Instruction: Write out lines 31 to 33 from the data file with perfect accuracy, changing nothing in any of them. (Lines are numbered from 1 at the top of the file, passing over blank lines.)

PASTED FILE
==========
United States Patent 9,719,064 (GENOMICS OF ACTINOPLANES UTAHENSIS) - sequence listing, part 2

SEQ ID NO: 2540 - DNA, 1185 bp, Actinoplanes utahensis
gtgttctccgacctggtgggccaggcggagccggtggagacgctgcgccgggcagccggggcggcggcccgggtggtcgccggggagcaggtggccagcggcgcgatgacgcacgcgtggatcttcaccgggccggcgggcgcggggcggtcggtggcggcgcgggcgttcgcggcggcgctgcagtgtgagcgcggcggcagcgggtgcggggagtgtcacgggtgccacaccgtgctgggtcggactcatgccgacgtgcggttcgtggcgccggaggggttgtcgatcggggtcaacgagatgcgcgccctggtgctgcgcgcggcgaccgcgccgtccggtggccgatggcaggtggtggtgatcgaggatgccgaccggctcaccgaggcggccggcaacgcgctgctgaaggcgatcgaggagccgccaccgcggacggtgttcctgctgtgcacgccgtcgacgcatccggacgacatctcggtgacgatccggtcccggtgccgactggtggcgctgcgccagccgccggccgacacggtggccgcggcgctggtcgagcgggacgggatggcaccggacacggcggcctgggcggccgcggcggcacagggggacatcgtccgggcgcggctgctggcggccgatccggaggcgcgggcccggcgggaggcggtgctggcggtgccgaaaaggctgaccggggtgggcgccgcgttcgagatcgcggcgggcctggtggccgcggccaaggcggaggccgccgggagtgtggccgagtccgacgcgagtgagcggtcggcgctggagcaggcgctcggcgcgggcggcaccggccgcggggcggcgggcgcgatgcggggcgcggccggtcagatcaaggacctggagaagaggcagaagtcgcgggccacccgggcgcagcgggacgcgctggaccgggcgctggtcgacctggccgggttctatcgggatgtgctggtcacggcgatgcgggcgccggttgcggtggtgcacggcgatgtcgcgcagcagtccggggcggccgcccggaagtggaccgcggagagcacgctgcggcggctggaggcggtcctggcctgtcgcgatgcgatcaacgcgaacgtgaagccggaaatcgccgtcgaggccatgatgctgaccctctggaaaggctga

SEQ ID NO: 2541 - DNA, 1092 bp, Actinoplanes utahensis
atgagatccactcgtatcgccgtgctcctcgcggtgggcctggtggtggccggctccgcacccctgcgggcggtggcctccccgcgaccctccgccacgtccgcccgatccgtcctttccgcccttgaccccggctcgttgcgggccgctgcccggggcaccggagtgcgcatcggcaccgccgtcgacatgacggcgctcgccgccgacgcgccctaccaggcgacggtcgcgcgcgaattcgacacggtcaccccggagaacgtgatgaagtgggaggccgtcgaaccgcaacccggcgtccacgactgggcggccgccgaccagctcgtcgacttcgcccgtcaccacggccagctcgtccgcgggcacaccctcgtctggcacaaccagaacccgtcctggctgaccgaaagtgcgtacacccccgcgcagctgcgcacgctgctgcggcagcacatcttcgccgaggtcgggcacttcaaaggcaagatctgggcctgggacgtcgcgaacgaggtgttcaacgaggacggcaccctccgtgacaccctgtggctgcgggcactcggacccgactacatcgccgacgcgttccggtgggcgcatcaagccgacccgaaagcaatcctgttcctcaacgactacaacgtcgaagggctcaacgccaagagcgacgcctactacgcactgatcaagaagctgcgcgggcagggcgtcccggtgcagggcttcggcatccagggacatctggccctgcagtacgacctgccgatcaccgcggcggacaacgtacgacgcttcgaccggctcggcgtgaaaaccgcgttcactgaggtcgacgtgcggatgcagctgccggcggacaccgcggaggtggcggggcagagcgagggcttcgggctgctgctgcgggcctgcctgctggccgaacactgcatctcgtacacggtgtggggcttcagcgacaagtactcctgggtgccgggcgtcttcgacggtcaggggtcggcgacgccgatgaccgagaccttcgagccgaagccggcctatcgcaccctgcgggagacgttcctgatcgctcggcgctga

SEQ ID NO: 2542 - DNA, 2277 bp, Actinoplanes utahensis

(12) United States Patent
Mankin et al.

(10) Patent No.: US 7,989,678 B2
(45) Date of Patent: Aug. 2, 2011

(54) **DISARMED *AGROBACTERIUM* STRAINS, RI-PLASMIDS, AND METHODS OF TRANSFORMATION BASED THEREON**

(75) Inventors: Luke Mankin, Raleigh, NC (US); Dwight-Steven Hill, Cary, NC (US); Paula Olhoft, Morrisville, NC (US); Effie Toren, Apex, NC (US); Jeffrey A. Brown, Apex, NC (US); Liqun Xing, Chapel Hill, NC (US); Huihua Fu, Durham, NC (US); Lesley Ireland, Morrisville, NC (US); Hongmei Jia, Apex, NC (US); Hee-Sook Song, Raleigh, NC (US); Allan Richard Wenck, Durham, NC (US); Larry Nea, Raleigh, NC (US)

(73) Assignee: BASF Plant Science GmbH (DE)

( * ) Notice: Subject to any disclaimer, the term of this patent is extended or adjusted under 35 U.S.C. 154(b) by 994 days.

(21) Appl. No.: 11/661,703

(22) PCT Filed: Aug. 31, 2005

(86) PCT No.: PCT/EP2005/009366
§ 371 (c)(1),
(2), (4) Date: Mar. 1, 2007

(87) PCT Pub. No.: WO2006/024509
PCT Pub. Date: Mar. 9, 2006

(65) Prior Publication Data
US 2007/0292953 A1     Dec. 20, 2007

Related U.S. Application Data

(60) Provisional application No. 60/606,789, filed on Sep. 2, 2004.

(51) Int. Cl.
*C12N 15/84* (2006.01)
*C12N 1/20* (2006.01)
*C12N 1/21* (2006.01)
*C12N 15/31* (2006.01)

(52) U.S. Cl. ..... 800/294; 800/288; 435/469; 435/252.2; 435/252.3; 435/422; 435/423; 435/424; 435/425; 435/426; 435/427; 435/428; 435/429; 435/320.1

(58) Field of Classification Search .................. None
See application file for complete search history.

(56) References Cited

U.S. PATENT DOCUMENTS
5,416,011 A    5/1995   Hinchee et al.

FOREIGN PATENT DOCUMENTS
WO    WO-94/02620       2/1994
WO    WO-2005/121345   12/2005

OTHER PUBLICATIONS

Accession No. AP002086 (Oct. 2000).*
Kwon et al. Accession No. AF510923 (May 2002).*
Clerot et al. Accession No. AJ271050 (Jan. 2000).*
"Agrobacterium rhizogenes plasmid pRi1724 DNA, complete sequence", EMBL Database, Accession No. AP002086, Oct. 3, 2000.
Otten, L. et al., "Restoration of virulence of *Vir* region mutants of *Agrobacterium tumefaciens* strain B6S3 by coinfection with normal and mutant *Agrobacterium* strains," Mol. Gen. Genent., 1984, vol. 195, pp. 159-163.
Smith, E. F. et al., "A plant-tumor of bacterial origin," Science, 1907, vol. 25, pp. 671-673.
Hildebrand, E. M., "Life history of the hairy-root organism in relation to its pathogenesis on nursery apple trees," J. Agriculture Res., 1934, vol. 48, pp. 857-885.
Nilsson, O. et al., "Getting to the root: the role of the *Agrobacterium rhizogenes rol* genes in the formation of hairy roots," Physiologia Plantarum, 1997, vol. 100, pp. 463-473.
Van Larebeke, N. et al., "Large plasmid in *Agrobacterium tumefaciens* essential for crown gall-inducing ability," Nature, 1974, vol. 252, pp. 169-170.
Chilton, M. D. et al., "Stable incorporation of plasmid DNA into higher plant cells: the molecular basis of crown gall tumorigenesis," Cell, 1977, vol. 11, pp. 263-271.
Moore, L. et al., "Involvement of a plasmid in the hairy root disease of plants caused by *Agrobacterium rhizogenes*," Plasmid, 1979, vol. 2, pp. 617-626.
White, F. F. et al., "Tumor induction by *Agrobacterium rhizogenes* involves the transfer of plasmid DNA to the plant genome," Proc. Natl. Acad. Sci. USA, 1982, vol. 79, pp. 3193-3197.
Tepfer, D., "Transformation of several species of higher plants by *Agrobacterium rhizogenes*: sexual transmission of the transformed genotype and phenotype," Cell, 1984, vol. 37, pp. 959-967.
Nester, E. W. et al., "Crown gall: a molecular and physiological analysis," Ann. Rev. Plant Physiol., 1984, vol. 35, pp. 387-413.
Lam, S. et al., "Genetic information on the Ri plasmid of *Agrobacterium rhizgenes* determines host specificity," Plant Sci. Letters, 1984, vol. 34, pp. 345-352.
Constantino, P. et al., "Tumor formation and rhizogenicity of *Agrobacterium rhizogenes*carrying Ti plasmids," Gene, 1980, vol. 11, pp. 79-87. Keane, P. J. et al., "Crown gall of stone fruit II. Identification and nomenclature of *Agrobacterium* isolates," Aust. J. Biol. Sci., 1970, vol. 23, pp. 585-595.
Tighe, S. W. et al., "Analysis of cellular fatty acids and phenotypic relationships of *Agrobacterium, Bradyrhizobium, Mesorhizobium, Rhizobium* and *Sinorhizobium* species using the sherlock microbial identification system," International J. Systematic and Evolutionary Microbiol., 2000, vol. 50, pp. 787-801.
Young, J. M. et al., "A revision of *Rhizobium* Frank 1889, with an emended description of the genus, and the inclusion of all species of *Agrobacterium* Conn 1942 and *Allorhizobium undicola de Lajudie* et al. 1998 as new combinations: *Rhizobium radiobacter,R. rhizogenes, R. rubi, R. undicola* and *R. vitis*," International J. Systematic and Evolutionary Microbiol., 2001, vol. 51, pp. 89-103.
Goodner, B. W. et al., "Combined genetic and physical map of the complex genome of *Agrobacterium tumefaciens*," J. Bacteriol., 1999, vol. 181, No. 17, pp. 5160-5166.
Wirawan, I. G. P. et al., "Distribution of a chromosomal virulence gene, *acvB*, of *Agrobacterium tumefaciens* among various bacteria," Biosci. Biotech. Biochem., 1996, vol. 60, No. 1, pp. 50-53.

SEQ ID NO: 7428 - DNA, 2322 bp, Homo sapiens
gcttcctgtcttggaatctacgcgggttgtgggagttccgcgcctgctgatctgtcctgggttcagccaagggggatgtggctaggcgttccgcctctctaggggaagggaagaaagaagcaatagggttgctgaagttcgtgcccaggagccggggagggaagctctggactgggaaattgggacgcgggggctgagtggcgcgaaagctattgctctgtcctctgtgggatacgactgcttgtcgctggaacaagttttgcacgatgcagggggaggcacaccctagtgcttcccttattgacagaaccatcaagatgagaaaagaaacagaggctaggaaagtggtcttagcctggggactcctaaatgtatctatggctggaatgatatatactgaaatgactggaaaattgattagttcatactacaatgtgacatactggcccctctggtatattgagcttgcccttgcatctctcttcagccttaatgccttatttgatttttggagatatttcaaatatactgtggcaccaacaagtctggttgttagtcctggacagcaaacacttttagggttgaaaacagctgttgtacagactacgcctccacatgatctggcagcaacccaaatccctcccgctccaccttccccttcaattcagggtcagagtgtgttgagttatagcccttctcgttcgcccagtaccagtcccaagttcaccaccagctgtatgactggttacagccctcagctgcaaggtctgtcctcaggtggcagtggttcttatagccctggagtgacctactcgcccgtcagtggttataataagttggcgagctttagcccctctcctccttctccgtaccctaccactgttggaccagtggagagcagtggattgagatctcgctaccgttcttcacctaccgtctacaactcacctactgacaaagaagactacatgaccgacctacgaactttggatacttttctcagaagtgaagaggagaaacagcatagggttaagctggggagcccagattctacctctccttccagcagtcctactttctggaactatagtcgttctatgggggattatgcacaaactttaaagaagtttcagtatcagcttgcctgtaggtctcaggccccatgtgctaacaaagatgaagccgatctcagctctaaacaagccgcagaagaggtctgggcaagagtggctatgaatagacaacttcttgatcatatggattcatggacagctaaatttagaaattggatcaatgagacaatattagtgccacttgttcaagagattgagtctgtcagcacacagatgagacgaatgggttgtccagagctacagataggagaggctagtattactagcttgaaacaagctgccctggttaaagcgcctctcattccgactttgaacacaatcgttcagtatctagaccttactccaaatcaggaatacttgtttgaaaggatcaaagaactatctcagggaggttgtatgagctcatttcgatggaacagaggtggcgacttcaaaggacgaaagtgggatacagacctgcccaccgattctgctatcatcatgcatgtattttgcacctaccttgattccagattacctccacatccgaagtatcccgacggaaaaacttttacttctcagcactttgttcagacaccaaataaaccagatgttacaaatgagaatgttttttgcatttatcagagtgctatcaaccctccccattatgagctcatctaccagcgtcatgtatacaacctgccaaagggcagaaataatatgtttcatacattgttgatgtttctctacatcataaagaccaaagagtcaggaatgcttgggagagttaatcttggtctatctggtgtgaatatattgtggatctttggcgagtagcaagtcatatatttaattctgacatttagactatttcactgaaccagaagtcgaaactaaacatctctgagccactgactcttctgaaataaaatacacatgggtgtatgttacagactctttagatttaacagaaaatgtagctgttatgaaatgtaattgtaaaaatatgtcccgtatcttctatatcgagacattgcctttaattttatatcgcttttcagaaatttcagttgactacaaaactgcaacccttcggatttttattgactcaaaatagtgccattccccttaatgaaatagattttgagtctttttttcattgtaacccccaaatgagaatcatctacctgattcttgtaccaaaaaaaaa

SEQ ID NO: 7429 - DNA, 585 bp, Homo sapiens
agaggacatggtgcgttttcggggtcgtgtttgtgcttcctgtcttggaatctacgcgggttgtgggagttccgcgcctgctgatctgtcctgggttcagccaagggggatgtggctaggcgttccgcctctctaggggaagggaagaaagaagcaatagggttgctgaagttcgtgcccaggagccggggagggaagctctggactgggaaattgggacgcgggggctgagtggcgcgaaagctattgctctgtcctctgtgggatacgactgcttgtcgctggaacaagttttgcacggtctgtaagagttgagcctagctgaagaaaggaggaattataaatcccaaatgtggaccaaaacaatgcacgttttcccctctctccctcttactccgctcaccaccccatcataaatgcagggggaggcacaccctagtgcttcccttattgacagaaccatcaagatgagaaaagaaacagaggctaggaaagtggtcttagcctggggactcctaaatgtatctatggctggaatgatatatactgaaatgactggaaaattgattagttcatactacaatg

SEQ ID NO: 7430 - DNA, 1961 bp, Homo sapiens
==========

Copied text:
(52) U.S. Cl. ..... 800/294; 800/288; 435/469; 435/252.2; 435/252.3; 435/422; 435/423; 435/424; 435/425; 435/426; 435/427; 435/428; 435/429; 435/320.1

(58) Field of Classification Search .................. None
See application file for complete search history.